Free at last JUST in case anyone is interested, I’ve declared this paper an Alan Bond free zone – the only one in the country as far as I can tell.
Free at last
JUST in case anyone is interested, I’ve declared this paper an Alan Bond free zone – the only one in the country as far as I can tell.
Economy on up
IT’S not just the economic indicators that are giving business the thumbs up at the moment.
Everyone I talk to really is busy, with the biggest complaint being too much work.
Hopefully this is a long-term thing and it certainly seems aligned with activity in our North-West, which underpins so much of what we do.
The announcement on Gorgon will give further confidence for business to invest, knowing that a few billion will be spent in Western Australia over the next few years.
Even better news, too, is the fact that the Gorgon operators plan to conduct more than 50 per cent of their construction work in WA.
This double-barrelled effect of having work done in the State and developing the skills to manufacture for other regions is extremely positive.
Let’s hope the Australian Marine Complex gets some of the work and starts to pay for itself.
Between Iraq and a hard place
WA Business News played host to three top diplomats this week, all who work in the Middle East.
While none denied that the current climate created challenges, it was still impressive to hear how many opportunities there were for WA business in the region.
Education was singled out as a big growth market for Australian universities, and WA’s institutions have proved they understand offshore markets very well.
Of course it’s not just as easy as turning up, but it was interesting to hear the view that our involvement in the war had offered some increased profile in the region – and that was not all bad.
Development on the WA coast
OUR coast is a very precious asset – for some detractors of WA it is our only one – and must be looked after.
While the State Government has reacted to popular opinion in ending the Maud’s Landing development without really offering an alternative, it has at least started the process of controlling coastal development before it gets out of control.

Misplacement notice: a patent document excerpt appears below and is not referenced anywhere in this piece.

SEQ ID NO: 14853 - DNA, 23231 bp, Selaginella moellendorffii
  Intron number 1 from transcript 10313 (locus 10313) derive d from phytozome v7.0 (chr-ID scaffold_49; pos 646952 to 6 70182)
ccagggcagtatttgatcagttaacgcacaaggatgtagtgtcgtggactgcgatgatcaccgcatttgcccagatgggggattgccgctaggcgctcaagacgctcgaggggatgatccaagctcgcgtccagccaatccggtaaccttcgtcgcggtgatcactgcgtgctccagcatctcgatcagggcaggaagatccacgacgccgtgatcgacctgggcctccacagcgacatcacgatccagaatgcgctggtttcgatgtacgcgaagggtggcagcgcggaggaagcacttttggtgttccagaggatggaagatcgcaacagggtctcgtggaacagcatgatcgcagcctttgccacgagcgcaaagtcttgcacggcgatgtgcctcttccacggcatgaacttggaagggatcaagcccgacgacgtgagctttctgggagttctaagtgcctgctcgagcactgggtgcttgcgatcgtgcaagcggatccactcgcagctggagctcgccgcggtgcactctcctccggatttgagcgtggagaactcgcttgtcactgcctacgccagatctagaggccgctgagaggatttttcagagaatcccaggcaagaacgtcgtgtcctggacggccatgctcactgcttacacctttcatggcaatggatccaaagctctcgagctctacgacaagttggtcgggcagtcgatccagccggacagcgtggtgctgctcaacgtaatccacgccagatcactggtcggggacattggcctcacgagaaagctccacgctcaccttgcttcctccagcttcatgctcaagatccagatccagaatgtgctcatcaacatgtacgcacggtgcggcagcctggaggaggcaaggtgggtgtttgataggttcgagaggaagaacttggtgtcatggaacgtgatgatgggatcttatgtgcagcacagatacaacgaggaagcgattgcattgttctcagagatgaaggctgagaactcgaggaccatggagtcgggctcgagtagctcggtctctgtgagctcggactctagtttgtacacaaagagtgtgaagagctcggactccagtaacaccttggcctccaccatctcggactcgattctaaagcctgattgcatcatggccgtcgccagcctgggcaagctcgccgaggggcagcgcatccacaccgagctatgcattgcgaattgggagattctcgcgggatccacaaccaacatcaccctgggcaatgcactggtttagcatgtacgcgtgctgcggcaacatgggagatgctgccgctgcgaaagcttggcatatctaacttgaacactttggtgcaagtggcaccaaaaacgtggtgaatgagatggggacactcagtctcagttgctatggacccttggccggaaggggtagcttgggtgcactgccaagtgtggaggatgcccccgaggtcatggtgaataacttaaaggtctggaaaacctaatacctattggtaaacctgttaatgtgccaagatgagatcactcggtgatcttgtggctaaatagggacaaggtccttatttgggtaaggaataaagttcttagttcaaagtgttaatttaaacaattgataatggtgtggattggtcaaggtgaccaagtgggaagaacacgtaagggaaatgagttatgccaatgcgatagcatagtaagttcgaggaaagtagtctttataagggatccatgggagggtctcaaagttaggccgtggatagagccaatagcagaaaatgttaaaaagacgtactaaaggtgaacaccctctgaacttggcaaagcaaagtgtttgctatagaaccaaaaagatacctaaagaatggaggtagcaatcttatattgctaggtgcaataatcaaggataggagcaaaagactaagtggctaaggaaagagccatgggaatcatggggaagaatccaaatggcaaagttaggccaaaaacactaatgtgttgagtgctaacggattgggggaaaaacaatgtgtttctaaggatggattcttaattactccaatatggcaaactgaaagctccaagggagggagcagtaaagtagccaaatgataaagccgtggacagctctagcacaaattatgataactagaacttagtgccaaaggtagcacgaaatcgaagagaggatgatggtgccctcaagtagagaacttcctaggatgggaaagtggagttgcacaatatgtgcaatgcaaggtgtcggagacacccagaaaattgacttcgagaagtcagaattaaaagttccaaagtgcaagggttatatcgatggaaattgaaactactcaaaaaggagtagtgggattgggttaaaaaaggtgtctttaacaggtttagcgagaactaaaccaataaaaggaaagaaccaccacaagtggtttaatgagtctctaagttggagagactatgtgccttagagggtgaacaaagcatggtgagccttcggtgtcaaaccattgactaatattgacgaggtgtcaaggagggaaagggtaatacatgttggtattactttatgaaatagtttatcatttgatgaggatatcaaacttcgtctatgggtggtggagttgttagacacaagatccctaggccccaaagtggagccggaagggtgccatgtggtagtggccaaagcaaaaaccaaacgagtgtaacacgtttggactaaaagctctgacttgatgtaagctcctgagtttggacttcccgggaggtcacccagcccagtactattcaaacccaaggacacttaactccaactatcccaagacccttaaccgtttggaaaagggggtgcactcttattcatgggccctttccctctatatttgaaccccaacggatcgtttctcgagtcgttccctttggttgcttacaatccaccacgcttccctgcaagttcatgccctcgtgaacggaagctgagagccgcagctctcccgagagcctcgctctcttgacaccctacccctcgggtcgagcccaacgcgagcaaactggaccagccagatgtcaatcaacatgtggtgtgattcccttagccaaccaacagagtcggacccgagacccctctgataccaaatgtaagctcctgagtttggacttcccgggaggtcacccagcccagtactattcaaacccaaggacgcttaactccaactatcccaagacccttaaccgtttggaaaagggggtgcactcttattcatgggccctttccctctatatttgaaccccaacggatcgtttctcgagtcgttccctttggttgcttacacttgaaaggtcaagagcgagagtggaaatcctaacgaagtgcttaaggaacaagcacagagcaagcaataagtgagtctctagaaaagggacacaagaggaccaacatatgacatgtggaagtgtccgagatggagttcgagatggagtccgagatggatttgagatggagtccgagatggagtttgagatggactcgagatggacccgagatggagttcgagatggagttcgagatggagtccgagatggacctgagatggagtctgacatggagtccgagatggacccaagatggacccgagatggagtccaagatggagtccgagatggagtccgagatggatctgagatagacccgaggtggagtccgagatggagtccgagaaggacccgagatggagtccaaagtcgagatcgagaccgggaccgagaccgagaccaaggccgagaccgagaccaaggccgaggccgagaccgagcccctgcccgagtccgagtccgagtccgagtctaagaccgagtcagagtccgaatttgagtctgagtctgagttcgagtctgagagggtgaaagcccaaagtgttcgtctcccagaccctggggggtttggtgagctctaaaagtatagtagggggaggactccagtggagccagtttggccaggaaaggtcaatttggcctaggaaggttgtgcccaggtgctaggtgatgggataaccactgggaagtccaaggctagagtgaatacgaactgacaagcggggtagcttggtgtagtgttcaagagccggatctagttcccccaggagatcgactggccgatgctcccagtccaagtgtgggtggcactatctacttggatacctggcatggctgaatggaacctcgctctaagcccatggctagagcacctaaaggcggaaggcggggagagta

Having said that, there is a time when we can be too precious about our coast.
Why on earth we have rules stopping high-rise when we have thousands of miles of coast is beyond me, but I’ve said that before. Just zone it for certain places and leave it at that.
In asking the mayors of major metropolitan councils what their coastal plans are we are trying to find a theme for the coastal development of the future.
I reckon the beach is there for everyone and I have no problem with what has happened at Scarborough, for instance, where apartments overlook a pristine beach that’s still accessible to the public.
So long as development does not equal exclusion and that its impact on the public is minimised, then it is fine.
Minimising that impact must include ensuring there are facilities for the public to enjoy, such as licensed premises, because the beach in Perth is not just for swimmers and sunbathers, it’s a place to watch the sun go down with a cold beer and hot fish and chips.
ONE of the hardest things for successful business people to do is to uproot themselves from where they have been successful to start a new life elsewhere.
It is particularly hard when you have made a name for yourself at the top of law or investment banking internationally and, for a variety of very good reasons, have decided it’s time to leave whatever global capital you’re in and make a move to Perth.
It’s a terribly hard call, based as much on the quality of Perth’s environment and its family-friendliness as it may be on deciding the time is over for leaving the rat race.
And the longer you’ve been gone, the harder it is.
This week we feature a few of these people among an army of Western Australians who have traipsed overseas to find adventure and further their careers – and now come home.
We congratulate these people on making the hard decision, often leaving lucrative positions to find themselves in another form of rat race – where their specialist skills may not be so immediately useful in our small market.
WA needs people to make these hard decisions.
We need people who have operated at the top and benchmarked themselves against different standards.
They are not better than those who have remained at home, but they do bring new ideas and new ways of thinking, which has always helped Perth play above its weight.
No wonder those in the east love to bash WA.
Oh well, its not all bad living in isolated bliss, just so long as we continue to accept new ideas and people from elsewhere, and welcome back those who have taken time out from Perth.